Dubai has long attracted people from all over the world with its sunny climate, tax-free environment, and premier infrastructure for living, working and playing.

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Teach Commando New Tricks> 919th Special Operations Wing> Item Display Thu, 16 Sep 2021 16:33:08 +0000 HURLBURT FIELD, Fla .– The C-130J is an incredibly versatile aircraft, and since its inception it has landed on rough terrain, arctic regions and even on an aircraft carrier. Still, it can’t land on water, which covers about 71% of the planet. While the national strategic objectives focus on the littoral regions, the Air Force Special Operations Command proposes new approaches to extend the runway independence and the expeditionary capability of the multi-mission platform.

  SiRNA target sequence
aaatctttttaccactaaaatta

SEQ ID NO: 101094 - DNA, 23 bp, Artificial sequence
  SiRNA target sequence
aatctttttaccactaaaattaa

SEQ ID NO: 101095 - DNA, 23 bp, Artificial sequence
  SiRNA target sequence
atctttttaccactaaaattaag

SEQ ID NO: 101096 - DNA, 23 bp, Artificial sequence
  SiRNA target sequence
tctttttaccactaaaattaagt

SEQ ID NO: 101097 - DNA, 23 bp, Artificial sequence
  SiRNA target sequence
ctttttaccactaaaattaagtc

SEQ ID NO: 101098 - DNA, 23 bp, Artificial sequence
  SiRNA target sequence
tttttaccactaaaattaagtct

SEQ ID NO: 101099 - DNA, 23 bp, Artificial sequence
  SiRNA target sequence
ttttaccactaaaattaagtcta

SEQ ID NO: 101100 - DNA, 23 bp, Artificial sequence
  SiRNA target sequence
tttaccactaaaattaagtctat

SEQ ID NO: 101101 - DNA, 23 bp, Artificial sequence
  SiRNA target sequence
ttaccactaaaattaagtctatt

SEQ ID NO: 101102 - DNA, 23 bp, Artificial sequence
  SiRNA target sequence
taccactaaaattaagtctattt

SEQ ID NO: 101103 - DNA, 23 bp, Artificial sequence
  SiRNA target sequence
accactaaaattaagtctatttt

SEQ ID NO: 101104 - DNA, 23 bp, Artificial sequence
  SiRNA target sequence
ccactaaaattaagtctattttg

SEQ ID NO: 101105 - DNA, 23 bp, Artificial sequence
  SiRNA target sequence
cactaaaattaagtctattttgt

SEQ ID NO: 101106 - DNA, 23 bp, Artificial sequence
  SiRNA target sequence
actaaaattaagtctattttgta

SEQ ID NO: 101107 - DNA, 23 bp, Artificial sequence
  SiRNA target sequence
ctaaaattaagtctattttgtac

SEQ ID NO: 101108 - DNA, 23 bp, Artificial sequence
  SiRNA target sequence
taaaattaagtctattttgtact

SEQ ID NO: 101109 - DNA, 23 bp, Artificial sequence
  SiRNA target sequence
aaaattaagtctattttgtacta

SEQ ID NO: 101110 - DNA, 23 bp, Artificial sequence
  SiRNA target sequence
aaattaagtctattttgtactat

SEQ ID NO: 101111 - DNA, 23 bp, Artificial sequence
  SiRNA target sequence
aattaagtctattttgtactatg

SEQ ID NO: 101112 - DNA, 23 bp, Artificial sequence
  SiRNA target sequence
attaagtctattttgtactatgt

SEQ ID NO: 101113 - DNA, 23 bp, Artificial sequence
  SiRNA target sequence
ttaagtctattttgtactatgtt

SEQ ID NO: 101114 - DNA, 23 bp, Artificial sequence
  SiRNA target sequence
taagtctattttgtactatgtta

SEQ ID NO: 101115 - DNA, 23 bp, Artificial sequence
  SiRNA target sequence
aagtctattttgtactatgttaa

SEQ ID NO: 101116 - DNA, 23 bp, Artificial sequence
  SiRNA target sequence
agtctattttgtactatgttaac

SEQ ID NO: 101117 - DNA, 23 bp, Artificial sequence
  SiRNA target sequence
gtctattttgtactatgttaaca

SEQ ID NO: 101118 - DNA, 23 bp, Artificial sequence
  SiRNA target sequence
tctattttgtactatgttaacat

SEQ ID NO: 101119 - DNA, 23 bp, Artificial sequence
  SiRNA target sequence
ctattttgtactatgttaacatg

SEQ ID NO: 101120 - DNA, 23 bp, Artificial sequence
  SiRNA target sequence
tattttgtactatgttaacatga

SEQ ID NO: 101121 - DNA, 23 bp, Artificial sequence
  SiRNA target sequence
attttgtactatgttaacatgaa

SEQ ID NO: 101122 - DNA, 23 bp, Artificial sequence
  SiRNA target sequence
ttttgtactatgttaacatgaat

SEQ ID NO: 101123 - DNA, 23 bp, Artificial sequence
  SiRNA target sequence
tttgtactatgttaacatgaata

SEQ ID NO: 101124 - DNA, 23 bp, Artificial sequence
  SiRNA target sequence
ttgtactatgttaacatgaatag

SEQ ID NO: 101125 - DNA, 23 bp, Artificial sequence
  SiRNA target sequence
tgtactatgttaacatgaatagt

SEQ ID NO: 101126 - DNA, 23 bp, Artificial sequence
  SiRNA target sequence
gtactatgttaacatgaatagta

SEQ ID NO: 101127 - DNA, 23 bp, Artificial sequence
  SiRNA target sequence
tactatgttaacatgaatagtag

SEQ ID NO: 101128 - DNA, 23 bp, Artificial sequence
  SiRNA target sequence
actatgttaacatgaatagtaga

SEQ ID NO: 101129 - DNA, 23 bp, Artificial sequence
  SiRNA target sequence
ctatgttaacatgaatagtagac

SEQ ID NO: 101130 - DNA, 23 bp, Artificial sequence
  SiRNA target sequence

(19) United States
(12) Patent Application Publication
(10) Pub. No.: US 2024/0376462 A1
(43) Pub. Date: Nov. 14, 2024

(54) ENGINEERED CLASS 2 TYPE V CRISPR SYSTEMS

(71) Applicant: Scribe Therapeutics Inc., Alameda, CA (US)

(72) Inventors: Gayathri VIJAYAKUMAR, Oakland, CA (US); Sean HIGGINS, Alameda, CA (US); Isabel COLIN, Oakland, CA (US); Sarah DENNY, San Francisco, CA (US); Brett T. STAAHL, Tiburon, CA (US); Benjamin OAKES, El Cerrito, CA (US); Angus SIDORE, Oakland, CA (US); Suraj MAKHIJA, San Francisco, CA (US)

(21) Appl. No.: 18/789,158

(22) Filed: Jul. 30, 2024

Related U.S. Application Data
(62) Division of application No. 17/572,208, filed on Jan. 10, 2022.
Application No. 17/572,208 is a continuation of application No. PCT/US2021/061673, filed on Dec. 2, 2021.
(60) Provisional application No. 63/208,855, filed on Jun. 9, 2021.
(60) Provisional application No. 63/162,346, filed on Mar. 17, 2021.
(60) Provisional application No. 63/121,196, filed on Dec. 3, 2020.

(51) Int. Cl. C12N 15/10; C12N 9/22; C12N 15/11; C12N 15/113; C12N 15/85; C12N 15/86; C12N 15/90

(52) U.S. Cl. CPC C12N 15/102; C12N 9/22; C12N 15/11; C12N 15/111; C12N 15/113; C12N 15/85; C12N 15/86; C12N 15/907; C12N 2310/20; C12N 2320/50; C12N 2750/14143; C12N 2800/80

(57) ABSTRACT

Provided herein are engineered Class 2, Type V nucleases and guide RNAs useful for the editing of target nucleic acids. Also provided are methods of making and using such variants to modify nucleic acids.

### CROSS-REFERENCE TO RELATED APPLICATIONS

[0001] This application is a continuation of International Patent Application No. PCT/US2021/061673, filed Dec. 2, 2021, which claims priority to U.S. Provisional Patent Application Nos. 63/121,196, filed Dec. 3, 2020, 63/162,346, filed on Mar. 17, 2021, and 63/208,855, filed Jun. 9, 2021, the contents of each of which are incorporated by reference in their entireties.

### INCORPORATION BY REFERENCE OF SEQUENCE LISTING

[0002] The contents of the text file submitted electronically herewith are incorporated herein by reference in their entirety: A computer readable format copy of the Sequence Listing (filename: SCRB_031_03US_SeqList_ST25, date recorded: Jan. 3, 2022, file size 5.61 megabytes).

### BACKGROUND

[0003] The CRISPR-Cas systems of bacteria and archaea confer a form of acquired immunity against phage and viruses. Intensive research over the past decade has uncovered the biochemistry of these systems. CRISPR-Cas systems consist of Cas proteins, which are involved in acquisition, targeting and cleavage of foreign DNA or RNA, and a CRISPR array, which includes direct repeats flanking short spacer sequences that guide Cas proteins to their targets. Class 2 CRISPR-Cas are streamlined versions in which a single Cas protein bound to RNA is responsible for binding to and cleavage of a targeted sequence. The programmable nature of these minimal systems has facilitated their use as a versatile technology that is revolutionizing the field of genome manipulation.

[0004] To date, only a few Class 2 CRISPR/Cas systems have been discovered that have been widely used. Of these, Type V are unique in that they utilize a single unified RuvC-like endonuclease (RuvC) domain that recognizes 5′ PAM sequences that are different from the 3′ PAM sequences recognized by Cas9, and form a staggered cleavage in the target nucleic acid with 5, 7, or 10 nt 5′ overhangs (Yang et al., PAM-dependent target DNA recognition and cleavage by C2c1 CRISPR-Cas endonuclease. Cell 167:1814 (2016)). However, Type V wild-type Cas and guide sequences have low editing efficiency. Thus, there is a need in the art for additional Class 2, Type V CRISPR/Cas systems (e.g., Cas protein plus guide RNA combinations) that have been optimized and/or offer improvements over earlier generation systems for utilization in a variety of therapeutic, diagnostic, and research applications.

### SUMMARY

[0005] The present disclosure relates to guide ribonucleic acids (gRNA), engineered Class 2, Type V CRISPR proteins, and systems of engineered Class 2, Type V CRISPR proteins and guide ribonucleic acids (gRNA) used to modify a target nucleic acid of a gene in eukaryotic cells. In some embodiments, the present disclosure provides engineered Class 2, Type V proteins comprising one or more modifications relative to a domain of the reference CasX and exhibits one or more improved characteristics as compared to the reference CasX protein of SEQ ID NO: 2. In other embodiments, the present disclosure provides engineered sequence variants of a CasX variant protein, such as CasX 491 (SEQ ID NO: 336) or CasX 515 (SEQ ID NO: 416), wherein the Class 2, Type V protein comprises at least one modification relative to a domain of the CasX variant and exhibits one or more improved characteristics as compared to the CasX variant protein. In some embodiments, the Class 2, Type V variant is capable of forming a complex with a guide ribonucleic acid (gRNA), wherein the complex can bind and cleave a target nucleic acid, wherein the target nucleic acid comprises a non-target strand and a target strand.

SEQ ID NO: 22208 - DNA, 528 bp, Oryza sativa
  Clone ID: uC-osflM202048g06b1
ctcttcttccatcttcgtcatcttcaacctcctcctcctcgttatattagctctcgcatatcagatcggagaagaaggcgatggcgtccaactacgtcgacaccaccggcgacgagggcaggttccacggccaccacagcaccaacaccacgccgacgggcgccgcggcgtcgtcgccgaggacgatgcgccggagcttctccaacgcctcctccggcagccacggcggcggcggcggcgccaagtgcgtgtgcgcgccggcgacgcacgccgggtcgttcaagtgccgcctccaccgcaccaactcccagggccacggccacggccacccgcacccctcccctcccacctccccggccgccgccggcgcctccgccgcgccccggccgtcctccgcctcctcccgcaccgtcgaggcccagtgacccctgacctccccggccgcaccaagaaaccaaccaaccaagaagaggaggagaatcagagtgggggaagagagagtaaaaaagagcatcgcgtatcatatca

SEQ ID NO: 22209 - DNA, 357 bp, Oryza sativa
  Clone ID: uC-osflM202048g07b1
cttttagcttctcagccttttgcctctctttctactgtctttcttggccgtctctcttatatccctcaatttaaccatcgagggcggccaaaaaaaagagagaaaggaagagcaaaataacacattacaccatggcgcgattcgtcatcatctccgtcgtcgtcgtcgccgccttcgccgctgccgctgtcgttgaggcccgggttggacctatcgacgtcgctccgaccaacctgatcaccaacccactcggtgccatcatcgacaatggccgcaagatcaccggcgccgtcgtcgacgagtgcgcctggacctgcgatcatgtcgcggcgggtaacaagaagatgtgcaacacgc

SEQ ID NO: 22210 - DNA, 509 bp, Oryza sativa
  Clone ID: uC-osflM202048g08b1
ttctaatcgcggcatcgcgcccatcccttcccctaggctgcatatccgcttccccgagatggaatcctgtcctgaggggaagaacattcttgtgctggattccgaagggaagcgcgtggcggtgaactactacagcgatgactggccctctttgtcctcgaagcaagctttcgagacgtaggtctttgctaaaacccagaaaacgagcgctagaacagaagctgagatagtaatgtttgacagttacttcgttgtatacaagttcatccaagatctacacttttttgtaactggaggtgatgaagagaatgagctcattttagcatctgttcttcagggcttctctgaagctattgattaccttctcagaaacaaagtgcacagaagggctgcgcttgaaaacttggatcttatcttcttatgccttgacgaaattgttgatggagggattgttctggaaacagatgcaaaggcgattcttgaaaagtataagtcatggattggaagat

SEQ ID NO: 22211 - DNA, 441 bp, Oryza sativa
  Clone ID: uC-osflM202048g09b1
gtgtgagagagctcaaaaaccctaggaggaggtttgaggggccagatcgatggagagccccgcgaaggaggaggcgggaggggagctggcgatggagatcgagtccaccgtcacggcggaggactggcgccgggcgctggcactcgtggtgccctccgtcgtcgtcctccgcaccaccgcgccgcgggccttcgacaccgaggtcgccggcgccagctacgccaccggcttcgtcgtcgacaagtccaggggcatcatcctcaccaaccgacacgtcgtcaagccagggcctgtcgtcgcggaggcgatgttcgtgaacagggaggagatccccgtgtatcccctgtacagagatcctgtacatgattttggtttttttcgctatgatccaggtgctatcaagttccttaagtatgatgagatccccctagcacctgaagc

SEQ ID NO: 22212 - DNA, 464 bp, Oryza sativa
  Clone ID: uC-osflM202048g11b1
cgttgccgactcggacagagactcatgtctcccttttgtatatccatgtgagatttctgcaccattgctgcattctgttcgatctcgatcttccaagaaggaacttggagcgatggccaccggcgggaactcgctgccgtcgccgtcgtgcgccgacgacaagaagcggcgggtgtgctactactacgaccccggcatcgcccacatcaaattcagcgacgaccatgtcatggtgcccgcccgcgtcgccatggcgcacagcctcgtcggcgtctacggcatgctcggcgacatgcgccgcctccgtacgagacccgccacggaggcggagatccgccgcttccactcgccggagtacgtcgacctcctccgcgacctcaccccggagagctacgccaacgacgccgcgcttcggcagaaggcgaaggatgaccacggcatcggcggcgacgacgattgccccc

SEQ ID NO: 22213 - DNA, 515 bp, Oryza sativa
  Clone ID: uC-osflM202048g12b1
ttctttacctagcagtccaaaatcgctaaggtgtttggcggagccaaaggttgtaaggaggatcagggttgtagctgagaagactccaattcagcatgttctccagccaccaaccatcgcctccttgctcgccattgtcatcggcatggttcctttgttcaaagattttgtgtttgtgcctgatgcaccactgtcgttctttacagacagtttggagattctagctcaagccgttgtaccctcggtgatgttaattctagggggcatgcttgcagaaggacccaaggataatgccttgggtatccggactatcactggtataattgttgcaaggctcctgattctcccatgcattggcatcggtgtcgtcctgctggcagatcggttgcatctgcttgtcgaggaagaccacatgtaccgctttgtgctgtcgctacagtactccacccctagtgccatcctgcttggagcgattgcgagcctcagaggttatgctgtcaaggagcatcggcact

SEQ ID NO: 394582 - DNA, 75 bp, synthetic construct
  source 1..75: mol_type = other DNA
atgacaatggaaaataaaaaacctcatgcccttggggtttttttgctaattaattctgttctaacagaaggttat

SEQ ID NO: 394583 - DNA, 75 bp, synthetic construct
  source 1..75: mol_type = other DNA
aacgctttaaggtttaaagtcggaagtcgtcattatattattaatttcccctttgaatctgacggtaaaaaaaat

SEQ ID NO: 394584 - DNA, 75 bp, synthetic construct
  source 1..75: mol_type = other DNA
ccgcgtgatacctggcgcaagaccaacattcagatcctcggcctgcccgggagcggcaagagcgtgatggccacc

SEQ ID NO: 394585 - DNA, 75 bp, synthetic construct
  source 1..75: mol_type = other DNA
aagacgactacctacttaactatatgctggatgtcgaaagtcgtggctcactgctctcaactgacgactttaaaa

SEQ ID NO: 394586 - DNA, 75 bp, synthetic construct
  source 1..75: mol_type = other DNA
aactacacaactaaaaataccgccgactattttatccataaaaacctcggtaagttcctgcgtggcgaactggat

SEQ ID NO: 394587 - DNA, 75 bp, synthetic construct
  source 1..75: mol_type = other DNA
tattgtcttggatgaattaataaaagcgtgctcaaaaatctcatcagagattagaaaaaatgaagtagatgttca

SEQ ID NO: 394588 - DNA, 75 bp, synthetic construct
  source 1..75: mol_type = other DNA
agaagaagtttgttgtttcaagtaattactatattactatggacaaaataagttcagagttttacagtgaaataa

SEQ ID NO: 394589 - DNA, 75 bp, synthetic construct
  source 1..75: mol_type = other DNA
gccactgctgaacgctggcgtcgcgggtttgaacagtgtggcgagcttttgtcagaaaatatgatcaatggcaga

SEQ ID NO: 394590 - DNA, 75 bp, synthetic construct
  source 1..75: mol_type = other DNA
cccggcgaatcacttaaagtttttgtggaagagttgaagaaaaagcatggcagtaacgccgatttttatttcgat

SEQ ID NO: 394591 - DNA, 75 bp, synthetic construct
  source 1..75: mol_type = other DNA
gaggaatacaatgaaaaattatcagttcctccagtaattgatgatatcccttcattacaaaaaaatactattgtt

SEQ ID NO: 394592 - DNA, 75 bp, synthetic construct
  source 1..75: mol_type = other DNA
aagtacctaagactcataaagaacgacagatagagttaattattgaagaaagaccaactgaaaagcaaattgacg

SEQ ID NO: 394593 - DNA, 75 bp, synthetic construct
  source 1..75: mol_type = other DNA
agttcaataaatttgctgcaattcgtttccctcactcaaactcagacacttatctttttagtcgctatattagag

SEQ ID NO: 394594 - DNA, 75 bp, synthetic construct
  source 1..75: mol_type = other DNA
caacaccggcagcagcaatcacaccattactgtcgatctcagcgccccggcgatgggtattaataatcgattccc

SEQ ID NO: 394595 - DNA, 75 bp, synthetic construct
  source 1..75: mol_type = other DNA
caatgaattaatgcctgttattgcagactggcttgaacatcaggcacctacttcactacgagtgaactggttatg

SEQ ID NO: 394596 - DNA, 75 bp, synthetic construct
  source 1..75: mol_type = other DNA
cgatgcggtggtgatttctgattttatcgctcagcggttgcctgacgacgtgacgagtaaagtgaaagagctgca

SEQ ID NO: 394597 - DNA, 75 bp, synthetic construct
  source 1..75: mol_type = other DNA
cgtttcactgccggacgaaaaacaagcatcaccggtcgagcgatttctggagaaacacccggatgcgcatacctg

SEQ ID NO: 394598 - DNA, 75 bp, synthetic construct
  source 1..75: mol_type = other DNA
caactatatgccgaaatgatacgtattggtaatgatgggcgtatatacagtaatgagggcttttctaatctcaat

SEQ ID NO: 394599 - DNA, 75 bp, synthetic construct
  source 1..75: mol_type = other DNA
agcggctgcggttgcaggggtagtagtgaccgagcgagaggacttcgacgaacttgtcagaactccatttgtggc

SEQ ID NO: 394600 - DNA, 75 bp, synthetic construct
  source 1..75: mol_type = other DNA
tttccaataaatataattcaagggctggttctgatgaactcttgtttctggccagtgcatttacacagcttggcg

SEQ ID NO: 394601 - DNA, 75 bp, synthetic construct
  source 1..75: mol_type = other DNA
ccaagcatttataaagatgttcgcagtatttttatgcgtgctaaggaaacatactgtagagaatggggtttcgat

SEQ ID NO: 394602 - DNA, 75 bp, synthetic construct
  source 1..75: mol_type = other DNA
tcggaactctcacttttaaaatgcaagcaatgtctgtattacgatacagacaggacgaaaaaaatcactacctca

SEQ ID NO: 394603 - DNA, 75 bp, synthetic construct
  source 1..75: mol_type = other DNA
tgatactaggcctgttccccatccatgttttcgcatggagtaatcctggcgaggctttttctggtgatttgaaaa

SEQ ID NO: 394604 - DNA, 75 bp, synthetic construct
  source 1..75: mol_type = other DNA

In partnership with the Directorate of Planning and Experimentation of Strategic Development of the Air Force Research Laboratory (AFRL-SDPE), AFSOC is developing an MC-130J Commando II (MAC) amphibious capability for improve platform support for maritime special operations. “The development of MAC capability is the culmination of multiple lines of effort,” said Lt. Col. Josh Trantham, deputy division chief of science, systems, technology and innovation (SST & I) of AFSOC. “This capability enables the Air Force to increase placement and access for infiltration, exfiltration and recovery of personnel, as well as to provide improved logistics capabilities for competition and future conflict.”